If you’ve got a spreadsheet set up, you can track your spending (seriously just do it) every time you buy something you consider part of that budget.

Restocking bananas? Totally goes in the food budget. Getting your nails done? Probably not.

All you have to do is add the transaction to the spreadsheet, including as much or as little detail as you want.

True life confession: one of my line items in our shared spreadsheet, to describe a trip to Sobey’s, literally said “I don’t even remember, probably vegetables”. Still went into the “Groceries” category, still had an accurate number… but my description was a tad vague. Got the job done though.

You’ll both have full visibility

Here’s the thing about sharing spending with one or more other human beings: unless you have some kind of futuristic notification system set up, you probably have no idea how much the other person is spending until the end of the month when it comes time to settle up or check in on the numbers.

Hi, “read your grocery receipts” is actually one of my best real-life ways to save money on food, so you might not even know how much you’ve spent on food in this situation if you’re not paying attention.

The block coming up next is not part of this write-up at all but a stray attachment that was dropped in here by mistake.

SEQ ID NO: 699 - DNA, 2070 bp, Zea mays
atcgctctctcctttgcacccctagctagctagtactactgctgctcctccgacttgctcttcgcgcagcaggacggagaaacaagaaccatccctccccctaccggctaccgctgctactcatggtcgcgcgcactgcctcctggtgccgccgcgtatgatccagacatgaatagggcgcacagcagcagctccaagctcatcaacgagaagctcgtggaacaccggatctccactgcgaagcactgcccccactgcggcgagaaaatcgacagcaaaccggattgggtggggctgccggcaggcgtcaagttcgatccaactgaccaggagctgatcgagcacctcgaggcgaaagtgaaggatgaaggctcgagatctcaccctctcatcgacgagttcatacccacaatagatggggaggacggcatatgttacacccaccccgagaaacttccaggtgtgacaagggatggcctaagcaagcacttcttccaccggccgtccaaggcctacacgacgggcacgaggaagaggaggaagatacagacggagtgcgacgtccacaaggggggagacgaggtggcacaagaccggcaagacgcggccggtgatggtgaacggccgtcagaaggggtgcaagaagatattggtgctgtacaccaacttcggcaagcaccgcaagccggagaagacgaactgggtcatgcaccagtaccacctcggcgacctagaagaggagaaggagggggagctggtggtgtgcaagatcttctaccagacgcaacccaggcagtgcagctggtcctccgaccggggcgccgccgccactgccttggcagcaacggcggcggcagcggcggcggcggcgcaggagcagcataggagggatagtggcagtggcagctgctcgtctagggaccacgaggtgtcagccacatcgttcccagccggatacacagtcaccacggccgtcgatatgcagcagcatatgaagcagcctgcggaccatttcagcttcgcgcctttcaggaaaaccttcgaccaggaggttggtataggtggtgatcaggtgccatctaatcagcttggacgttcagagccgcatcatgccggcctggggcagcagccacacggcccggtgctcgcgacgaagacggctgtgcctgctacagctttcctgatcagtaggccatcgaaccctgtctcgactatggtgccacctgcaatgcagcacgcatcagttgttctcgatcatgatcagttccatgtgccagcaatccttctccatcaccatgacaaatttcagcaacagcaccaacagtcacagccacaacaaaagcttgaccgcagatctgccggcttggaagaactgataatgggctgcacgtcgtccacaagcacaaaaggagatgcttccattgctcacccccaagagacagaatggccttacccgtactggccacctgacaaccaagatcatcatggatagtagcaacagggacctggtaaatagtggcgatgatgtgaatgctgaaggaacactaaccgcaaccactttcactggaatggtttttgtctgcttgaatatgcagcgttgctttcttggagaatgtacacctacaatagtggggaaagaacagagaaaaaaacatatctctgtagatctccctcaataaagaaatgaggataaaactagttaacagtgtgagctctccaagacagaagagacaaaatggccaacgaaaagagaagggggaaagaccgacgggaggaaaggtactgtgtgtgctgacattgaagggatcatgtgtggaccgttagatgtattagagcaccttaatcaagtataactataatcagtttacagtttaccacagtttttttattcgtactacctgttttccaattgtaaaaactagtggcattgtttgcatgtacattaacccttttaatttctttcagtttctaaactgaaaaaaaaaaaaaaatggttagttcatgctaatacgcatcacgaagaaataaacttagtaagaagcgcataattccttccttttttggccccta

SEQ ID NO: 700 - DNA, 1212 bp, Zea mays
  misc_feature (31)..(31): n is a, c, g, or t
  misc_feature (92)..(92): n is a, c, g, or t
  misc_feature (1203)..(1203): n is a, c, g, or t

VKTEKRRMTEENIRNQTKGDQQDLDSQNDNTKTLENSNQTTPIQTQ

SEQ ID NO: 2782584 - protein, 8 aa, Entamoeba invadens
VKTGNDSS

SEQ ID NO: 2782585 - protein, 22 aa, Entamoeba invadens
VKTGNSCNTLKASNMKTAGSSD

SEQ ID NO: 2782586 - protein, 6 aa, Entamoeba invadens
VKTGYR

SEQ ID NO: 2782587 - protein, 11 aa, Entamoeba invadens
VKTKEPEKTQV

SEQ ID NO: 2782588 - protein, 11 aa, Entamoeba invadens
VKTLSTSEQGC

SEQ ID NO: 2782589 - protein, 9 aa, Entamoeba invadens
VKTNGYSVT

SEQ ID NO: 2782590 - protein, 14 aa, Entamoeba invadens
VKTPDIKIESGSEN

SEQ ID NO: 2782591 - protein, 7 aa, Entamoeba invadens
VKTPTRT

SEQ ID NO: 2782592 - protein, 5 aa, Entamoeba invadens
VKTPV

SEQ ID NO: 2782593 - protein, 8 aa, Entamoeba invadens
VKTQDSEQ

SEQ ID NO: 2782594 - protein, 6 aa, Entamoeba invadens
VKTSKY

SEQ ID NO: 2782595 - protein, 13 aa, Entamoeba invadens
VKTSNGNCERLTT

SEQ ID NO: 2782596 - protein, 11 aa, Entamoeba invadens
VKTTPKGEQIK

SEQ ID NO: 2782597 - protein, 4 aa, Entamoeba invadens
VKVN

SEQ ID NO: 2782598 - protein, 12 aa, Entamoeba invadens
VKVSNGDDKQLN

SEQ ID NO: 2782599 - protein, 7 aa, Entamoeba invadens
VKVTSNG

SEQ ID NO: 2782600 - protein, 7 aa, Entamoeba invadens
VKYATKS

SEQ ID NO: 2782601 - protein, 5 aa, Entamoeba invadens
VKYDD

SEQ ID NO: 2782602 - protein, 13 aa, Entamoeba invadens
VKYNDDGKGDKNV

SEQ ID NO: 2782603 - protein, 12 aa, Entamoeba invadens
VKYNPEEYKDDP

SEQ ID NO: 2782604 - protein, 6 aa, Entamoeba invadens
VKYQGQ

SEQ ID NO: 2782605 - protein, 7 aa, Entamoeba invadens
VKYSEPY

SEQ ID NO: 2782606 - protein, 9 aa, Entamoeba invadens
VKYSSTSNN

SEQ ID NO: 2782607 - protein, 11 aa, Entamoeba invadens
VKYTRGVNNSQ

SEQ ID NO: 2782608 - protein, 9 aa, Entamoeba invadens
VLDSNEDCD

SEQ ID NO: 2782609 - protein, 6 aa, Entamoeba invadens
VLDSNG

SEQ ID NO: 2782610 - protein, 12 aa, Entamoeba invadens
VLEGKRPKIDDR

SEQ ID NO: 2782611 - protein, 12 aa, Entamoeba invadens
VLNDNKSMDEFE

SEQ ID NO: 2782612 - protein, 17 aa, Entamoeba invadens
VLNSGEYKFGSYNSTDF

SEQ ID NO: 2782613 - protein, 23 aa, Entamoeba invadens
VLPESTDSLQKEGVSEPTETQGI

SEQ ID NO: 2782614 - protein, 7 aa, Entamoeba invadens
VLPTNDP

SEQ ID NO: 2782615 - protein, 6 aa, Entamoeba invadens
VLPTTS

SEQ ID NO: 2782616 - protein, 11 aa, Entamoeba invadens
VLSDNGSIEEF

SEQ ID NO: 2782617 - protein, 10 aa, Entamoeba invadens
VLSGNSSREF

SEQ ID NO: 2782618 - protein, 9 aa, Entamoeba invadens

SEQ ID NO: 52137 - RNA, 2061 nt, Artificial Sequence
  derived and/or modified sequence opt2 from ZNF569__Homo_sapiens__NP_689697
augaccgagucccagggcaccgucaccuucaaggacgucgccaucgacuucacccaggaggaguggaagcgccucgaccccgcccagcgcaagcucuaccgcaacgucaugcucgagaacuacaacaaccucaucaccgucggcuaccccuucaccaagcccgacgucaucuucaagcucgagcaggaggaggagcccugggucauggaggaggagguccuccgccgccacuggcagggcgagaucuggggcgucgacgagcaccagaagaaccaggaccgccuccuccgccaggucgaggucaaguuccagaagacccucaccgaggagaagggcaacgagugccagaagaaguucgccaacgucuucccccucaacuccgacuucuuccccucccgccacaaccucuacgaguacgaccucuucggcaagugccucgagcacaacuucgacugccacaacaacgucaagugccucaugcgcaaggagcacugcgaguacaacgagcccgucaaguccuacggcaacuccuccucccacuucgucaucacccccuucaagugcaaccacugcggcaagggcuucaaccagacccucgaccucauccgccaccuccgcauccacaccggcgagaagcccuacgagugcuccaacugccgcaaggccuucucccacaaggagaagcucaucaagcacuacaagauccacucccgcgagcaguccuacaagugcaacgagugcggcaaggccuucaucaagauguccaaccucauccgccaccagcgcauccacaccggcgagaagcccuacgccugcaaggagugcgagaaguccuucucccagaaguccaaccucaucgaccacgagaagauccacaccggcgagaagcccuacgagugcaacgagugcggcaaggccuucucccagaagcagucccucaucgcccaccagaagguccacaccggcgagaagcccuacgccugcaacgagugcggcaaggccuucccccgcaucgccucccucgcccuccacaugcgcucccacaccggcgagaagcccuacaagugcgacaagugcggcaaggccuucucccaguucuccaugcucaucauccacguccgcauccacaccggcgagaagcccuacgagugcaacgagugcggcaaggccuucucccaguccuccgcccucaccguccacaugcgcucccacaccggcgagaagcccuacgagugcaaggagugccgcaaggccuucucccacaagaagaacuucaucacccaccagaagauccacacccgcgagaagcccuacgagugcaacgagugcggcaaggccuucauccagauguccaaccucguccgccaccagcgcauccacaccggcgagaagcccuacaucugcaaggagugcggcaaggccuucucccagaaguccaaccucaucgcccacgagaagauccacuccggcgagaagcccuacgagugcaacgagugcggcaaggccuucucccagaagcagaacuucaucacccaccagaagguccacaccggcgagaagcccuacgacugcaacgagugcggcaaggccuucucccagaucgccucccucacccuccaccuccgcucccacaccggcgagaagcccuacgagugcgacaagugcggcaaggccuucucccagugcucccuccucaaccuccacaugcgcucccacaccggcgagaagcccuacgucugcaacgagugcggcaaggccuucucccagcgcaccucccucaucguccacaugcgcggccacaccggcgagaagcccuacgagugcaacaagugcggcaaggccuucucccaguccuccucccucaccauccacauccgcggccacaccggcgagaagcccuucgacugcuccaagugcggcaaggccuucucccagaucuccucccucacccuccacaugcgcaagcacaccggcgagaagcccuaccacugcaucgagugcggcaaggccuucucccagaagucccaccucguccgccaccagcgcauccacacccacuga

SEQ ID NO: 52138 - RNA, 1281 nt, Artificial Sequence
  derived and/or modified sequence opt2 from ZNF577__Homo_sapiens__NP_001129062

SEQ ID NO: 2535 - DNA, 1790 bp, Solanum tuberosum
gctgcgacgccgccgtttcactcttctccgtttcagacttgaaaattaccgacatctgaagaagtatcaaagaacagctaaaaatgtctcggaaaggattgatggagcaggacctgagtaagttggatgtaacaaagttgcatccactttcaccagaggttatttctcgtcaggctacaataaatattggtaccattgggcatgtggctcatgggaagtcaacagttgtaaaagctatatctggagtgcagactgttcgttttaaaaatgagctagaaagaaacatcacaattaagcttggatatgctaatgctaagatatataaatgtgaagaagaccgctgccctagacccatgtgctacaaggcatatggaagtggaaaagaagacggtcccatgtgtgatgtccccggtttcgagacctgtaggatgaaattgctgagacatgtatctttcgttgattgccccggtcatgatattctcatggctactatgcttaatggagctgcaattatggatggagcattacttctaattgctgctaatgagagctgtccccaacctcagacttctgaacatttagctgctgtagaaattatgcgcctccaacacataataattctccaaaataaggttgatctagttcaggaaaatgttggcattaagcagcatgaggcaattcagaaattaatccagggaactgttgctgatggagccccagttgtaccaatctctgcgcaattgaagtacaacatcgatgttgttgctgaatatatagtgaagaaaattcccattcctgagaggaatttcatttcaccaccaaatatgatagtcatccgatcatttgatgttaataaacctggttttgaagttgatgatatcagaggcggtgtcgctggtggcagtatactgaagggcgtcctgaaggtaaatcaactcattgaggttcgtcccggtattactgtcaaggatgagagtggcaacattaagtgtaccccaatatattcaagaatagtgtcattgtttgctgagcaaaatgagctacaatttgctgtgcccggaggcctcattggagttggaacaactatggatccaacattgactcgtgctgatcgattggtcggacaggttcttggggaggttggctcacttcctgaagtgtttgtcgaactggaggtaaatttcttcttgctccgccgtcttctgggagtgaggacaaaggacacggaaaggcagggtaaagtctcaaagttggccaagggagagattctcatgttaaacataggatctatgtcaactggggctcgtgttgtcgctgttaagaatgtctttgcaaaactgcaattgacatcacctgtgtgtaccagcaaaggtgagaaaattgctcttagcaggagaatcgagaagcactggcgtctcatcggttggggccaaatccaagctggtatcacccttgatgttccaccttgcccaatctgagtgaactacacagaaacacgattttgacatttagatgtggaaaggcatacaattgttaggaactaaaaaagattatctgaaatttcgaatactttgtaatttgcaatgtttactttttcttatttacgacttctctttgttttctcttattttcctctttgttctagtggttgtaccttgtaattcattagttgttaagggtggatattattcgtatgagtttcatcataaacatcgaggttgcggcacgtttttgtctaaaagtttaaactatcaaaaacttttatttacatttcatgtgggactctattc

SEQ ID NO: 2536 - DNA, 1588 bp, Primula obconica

If you update a shared Google spreadsheet every few days, both people can easily see how much has already been spent, and on what, this month.

Which will help you do the next thing.

You’ll be able to make better decisions

When you’re planning to go out at the end of the month, or buy someone a gift, or buy a new winter coat, or do a massive Costco run, how often do you know how much money is left in that spending category in your budget?

Hmm? What’s that? Never?

If you’re not tracking your spending, that’s totally normal. Mental math is not easy, and neither is keeping a mental running tally of your spending in every budget category for an entire month (which actually sounds like the Worst Game Ever).

But if you did have that information at the tip of your fingers, let’s say in some kind of shared spreadsheet, you could easily check to see if this is going to be one of those “let’s buy all the things!” Costco trips, or more of a “we are STICKING TO THE LIST” Costco trips.